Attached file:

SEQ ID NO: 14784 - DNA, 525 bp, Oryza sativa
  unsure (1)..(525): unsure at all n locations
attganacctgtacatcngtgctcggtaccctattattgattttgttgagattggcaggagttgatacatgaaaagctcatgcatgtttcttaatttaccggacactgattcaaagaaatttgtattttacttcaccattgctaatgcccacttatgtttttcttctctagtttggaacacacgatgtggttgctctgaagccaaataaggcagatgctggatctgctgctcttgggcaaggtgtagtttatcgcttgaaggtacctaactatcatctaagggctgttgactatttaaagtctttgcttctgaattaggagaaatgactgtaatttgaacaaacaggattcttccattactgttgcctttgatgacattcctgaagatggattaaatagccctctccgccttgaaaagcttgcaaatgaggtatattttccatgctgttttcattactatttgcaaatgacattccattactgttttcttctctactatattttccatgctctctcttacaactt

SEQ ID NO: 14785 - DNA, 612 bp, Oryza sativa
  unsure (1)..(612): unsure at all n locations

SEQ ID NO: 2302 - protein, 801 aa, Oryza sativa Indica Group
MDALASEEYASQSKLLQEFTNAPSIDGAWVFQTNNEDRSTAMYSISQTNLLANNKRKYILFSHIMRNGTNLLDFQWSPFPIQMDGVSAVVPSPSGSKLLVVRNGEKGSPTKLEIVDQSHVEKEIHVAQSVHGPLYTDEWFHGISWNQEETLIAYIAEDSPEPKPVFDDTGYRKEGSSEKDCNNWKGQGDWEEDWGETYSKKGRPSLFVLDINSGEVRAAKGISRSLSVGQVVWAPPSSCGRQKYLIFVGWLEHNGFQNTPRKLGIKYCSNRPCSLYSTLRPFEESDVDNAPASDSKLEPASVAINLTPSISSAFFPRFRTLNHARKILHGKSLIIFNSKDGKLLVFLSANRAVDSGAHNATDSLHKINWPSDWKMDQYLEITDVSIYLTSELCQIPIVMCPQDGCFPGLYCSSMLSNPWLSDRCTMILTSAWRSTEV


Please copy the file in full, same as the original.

SEQ ID NO: 14784 - DNA, 525 bp, Oryza sativa
  unsure (1)..(525): unsure at all n locations
attganacctgtacatcngtgctcggtaccctattattgattttgttgagattggcaggagttgatacatgaaaagctcatgcatgtttcttaatttaccggacactgattcaaagaaatttgtattttacttcaccattgctaatgcccacttatgtttttcttctctagtttggaacacacgatgtggttgctctgaagccaaataaggcagatgctggatctgctgctcttgggcaaggtgtagtttatcgcttgaaggtacctaactatcatctaagggctgttgactatttaaagtctttgcttctgaattaggagaaatgactgtaatttgaacaaacaggattcttccattactgttgcctttgatgacattcctgaagatggattaaatagccctctccgccttgaaaagcttgcaaatgaggtatattttccatgctgttttcattactatttgcaaatgacattccattactgttttcttctctactatattttccatgctctctcttacaactt

SEQ ID NO: 14785 - DNA, 612 bp, Oryza sativa
  unsure (1)..(612): unsure at all n locations

SEQ ID NO: 2302 - protein, 801 aa, Oryza sativa Indica Group
MDALASEEYASQSKLLQEFTNAPSIDGAWVFQTNNEDRSTAMYSISQTNLLANNKRKYILFSHIMRNGTNLLDFQWSPFPIQMDGVSAVVPSPSGSKLLVVRNGEKGSPTKLEIVDQSHVEKEIHVAQSVHGPLYTDEWFHGISWNQEETLIAYIAEDSPEPKPVFDDTGYRKEGSSEKDCNNWKGQGDWEEDWGETYSKKGRPSLFVLDINSGEVRAAKGISRSLSVGQVVWAPPSSCGRQKYLIFVGWLEHNGFQNTPRKLGIKYCSNRPCSLYSTLRPFEESDVDNAPASDSKLEPASVAINLTPSISSAFFPRFRTLNHARKILHGKSLIIFNSKDGKLLVFLSANRAVDSGAHNATDSLHKINWPSDWKMDQYLEITDVSIYLTSELCQIPIVMCPQDGCFPGLYCSSMLSNPWLSDRCTMILTSAWRSTEV